I stared at the place on my intake form for new patients, the line that requests "occupation." The new patient had written: PT-A-A. "I'm sorry, I don't know what those letters mean," I admitted. She proudly explained, "It means I am an assistant to the physical therapy assistant."
I had never heard of such a position. I said: "I know there is a certification program for physical therapy assistants, who apparently support the duties of a physical therapist, but an assistant to the assistant is foreign to me. Tell me about it."
The very young woman worked in a large rehab clinic. This clinic included the MD specialists known as physiatrists, many occupational therapists (OTs), lots of physical therapists ( PTs), and some "PT-A"s, which I believe is the official certification notation for physical therapy assistants. But my patient said she was being "certified" as a PT-A-A. She told me, "I will be certified after I work for three months carrying towels, changing sheets, and stuff like that!"
So, who or what is the certifying body for this PT-A-A? It turns out it is the very corporation that owns the rehab clinic which employs her, as well as numerous clinics around the country. There is no nationally recognized organization that certifies an "assistant to the physical therapy assistant" or even an "assistant to the physician's assistant". The value or necessity of a PT-A-A seems to me to be about the same as having a remote control for your television's remote control. (Nod to The Onion magazine, February 1997.)
This encounter perked my interest in the Zen of Certification. If a tree falls in the forest and there is not a certified forest ranger witnessing the fall, did it really fall? In the history of health care of any kind, this idea of certification is based on the "authority" of the credentialing body. Paul Starr's book The Social Transformation of American Medicine makes this very clear: There must be criteria that is measured by a recognized authoritative source to validate any degree or certification.
In my opinion, the physical therapists are a good case study in how a professional inferiority complex can lead to educational inflation. The PT degree now requires a master's degree, and some strive for the DPT, Doctor of Physical Therapy. So, how do the insurance companies reward this doctorate expansion? They don't. They reimburse the efforts of the standard PT exactly the same as the DPT. What might be a remedy for status dissatisfaction may not be a good business decision.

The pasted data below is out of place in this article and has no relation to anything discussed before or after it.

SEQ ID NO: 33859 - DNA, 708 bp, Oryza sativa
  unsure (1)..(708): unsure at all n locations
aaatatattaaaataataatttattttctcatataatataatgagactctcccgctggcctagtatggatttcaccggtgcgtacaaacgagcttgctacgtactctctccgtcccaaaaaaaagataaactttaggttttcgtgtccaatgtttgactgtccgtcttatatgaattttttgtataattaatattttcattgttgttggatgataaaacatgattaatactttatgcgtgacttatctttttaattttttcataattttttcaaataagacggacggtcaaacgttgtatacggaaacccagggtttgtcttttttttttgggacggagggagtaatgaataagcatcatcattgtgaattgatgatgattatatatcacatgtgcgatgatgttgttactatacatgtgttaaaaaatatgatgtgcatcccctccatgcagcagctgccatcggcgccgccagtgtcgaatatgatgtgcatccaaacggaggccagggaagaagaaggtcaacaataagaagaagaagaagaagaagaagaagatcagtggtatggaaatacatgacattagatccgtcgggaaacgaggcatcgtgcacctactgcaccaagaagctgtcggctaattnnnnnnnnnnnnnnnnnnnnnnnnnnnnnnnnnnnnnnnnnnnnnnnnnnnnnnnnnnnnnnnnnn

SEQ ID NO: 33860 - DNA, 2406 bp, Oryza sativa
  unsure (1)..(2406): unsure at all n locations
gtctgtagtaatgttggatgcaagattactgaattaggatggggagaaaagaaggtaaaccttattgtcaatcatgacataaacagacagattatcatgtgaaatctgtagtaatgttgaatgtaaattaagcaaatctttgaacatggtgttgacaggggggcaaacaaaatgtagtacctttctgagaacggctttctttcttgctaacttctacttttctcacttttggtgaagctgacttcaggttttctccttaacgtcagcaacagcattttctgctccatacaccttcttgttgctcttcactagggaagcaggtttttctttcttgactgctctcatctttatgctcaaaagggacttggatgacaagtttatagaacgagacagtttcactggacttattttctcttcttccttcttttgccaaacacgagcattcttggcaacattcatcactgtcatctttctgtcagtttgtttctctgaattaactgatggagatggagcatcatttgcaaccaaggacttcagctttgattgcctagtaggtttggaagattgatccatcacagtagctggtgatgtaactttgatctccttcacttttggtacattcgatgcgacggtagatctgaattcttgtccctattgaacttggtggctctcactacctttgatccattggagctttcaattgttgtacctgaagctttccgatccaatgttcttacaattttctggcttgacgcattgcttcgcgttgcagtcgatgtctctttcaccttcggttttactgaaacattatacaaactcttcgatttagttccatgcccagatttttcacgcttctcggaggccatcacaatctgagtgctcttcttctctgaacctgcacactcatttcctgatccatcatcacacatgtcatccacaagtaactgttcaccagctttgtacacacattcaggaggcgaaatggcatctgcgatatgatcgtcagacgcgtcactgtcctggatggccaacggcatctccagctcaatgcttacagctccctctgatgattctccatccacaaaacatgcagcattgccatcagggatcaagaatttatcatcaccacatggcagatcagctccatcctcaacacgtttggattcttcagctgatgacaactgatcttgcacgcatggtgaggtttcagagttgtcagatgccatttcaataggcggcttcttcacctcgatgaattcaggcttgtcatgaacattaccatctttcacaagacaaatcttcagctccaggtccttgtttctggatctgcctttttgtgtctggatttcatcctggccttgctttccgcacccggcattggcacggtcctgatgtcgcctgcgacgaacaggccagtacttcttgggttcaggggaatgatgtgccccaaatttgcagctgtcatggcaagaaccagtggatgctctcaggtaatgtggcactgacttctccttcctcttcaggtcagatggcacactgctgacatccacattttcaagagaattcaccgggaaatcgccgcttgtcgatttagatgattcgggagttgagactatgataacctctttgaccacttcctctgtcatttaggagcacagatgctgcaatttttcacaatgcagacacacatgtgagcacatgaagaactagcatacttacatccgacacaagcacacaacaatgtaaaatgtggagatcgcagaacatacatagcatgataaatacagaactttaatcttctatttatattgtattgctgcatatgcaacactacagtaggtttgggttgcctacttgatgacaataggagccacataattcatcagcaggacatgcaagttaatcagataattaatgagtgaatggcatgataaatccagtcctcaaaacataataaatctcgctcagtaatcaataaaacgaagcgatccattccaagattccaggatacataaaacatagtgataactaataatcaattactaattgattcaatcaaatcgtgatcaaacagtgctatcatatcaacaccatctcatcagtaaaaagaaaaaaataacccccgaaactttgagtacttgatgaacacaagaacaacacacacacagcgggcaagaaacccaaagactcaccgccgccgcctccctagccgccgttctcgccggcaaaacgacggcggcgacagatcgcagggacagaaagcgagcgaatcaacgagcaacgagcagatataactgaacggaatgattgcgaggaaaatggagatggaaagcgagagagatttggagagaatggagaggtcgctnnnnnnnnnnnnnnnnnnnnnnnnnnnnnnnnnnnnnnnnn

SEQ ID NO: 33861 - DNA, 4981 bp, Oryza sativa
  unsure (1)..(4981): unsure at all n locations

Chiropractic has all kinds of certifications, most of which are sensible. I went on a manic 10-year-long postgraduate education spree in the '90s, and my wife and children have finally forgiven me for all the weekends I spent in the process. But there are venerable organizations that measured and credentialed my efforts, and I feel validated by their "authority." That is why I am not impressed by some of the "certifications" offered in popular advertising.
For example, years ago some DCs started putting hospital beds in their offices. This fad was called "inpatient" or "day" care by some, and was designed to provide intensive treatment leading to better outcomes. One of the chiropractic colleges actually offered a certification in "day care." But how hard could this have been? Just put the patient in bed and smother them in ultrasound and adjustments! The fad has faded, but the certifications are still out there.
Then there is the story of a chiropractor in California who claimed he could detect the personality of a patient by looking at their full-spine X-rays. So he certified himself to teach this magic power to other chiropractors. I have always considered this as a good example of an attempt to certify the uncertifiable.
I understand that there are only a few "real" naturopathic colleges, meaning those that are recognized by appropriate federal credentialing agencies. But there are still a few "diploma mills" out there, offering ND or PhD degrees for a substantial "tuition." When I was in chiropractic school, a student came to class one day with a beautifully framed diploma from one of these mills. It was big, multicolored and certainly more impressive looking than the diploma we would receive upon our graduation. I wonder sometimes if he actually hung it in his office.
Chiropractic is synonymous with manual techniques, and certifications abound. I surprised myself by not writing about them, which was my original intent. It would have been like hunting fire ants with a small water pistol. As humorous as it might have been, the amount of e-mails from ticked-off DCs probably would have been impossible to field. Now don't go messing with a chiropractor's technique – certified or not.
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